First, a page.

David Cameron wins EU red tape 'victory'

The prime minister has managed to secure a deal to reduce red tape in the European Union. A lifeline to struggling small businesses?

by Michael Northcott
Last Updated: 19 Aug 2013

Cameron is now no stranger to gruelling meetings in soup-bowl meeting rooms in Brussels, but rarely does he come away with anything that a sane person might describe as a ‘victory’. But last night, over a dinner in Brussels, he managed to convince EU leaders to make an earlier start to cutting red tape – namely by June this year.

The deal apparently includes provisions for abolishing some regulators altogether, but exactly which ones will not be known until further discussions take place in autumn this year. 

Leaders from the European Council summit released a joint statement on the matter, which said: ‘Further action is required to reduce the overall burden of regulation at EU and national levels, while always taking account of the need for proper protection of consumers and employees.’ Perfectly anodyne.

The specific areas that the EC has identified for ‘burdensome’ rules are data protection laws, ‘elf and safety, working time regulations and also formal procedures for public sector procurement.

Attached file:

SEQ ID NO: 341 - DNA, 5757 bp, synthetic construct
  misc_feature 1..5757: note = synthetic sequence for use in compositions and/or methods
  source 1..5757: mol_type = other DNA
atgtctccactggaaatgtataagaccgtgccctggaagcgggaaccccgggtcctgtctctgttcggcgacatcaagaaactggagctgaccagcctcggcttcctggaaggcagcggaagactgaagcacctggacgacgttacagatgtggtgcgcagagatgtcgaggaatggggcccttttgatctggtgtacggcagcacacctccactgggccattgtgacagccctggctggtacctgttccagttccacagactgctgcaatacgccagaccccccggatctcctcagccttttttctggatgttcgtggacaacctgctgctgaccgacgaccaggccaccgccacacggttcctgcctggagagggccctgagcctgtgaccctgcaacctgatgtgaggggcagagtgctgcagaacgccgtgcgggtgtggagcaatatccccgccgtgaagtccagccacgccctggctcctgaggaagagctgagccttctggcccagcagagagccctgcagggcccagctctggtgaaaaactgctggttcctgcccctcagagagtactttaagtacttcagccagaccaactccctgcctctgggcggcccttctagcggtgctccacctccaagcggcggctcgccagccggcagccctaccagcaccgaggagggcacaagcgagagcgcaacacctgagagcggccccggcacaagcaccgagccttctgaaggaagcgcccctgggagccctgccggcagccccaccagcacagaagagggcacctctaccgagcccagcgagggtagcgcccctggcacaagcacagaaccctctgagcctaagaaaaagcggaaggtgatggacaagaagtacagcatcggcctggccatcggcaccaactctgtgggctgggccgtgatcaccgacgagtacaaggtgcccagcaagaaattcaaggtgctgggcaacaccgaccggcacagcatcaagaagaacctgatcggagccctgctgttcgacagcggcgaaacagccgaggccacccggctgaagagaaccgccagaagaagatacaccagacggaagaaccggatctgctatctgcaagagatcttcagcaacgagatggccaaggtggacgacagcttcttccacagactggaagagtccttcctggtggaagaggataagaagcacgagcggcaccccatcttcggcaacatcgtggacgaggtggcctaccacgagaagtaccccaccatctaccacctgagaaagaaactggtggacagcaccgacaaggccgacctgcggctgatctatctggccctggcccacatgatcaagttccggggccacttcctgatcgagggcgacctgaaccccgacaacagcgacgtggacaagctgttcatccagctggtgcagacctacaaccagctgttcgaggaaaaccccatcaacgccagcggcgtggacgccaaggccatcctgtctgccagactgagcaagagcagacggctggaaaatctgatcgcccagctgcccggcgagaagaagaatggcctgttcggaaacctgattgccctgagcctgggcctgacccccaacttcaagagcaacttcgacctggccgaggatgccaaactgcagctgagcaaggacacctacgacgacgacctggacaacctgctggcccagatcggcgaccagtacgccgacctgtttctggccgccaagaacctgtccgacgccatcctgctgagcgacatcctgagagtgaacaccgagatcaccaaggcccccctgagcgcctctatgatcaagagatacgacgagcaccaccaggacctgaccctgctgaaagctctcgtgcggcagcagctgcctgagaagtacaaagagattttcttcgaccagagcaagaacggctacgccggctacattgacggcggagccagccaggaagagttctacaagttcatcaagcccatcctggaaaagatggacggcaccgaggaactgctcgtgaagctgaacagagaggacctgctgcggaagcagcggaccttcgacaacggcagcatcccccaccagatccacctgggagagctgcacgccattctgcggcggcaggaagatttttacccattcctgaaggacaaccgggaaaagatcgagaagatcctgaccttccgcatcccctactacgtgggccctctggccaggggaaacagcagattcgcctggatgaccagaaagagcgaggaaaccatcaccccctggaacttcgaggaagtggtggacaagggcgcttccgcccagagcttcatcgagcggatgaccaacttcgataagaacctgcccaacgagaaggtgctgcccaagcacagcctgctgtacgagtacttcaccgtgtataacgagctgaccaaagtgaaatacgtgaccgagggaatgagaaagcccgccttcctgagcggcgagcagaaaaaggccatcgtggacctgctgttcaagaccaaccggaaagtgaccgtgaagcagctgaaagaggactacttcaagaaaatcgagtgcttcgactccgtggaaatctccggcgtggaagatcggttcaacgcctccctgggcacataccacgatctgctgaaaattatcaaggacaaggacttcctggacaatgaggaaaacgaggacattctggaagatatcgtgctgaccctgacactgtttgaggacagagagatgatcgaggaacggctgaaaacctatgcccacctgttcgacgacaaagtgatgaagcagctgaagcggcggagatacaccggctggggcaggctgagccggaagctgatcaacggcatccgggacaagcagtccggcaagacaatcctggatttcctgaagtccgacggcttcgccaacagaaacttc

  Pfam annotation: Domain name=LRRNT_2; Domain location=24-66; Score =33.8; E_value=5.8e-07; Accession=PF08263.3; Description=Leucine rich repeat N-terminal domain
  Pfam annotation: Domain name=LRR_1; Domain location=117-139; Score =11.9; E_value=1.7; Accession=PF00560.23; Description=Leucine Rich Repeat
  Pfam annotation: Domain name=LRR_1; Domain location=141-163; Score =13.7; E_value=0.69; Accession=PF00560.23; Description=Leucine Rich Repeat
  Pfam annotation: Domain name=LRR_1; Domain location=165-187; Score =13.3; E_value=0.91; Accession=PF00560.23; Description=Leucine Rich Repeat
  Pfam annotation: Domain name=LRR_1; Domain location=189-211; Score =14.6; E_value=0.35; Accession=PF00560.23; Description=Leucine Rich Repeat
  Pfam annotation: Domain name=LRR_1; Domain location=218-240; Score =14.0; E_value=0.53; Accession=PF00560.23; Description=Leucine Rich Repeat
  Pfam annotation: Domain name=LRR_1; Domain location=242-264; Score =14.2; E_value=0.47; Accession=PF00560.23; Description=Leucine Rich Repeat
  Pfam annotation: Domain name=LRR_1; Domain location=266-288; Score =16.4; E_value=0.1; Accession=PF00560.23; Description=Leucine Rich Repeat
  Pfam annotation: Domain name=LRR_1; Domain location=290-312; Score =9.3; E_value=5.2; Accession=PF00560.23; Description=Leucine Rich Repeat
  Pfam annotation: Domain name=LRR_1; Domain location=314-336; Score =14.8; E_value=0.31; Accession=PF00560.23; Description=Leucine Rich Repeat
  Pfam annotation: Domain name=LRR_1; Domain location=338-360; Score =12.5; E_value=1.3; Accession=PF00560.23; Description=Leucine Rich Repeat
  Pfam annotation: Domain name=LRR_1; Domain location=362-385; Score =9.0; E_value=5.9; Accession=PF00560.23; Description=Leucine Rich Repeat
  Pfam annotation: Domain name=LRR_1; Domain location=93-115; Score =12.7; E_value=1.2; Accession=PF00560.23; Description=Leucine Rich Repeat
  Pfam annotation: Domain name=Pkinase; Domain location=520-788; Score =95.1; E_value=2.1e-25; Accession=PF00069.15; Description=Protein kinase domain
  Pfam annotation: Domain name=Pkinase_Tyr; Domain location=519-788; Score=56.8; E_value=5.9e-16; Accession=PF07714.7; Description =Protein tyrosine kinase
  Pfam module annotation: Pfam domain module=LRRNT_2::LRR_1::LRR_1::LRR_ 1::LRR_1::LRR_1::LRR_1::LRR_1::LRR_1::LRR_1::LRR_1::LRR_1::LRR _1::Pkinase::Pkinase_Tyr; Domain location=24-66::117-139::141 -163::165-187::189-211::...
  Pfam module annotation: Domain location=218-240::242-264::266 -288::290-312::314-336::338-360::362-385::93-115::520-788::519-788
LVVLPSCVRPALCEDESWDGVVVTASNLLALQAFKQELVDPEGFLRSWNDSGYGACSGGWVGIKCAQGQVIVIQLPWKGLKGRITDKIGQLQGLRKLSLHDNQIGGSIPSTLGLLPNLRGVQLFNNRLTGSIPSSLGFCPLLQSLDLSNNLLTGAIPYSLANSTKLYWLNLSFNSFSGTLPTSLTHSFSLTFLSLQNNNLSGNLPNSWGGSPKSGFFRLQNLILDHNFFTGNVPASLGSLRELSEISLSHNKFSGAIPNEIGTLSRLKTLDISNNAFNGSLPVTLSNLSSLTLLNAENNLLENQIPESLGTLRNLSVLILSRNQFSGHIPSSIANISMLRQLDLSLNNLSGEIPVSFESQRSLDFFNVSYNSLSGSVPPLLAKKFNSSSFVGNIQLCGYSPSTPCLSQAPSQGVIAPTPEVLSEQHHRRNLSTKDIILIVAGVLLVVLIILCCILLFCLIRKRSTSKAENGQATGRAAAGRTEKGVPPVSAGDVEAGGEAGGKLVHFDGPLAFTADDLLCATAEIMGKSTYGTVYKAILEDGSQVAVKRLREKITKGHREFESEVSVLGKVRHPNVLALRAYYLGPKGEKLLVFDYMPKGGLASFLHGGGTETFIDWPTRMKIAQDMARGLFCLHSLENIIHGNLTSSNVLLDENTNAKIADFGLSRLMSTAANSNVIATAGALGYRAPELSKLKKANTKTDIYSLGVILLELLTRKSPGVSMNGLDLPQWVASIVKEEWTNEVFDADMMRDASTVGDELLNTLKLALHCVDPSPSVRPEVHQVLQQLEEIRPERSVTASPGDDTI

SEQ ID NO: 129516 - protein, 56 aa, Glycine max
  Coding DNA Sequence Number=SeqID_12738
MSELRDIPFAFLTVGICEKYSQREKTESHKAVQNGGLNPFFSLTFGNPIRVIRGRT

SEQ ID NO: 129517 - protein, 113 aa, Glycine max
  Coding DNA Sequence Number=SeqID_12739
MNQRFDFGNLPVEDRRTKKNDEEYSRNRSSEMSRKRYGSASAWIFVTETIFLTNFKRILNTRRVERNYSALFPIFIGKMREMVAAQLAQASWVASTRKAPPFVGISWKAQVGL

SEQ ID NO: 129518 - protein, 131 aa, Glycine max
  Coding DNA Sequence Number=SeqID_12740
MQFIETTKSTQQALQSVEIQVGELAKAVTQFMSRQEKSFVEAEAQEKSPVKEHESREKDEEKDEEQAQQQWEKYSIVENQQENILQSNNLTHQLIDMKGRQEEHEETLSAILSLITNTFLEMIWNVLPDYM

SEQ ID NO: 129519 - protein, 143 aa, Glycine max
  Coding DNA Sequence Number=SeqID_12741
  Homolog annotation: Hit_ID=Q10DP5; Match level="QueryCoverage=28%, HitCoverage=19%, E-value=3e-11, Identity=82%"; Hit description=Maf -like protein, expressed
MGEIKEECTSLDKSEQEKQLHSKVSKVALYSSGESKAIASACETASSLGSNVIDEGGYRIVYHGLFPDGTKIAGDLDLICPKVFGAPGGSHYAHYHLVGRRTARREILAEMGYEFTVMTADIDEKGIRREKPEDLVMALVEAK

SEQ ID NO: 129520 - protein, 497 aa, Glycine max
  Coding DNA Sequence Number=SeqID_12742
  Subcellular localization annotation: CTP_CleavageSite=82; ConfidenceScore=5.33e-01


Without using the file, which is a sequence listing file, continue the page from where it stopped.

Interesting that, at the same time as saying it will reduce the amount of unwanted stuff, the EU is planning to hire another 800 people to the European Central Bank to help fulfil its new duties of supervising all the 6,000 banks in the member states. But then, keeping tabs on banks is politically expedient at the moment…

The prospect of the EU actually managing to cut red tape may seem laughable, akin to turkeys voting for Christmas. But it is a nice, safe topic on which both the PM and EU can agree, and there hasn't been much agreement there recently. Whether it will actually amount to anything more than some decent-sounding rhetoric to bring back to the House of Commons remains to be seen.

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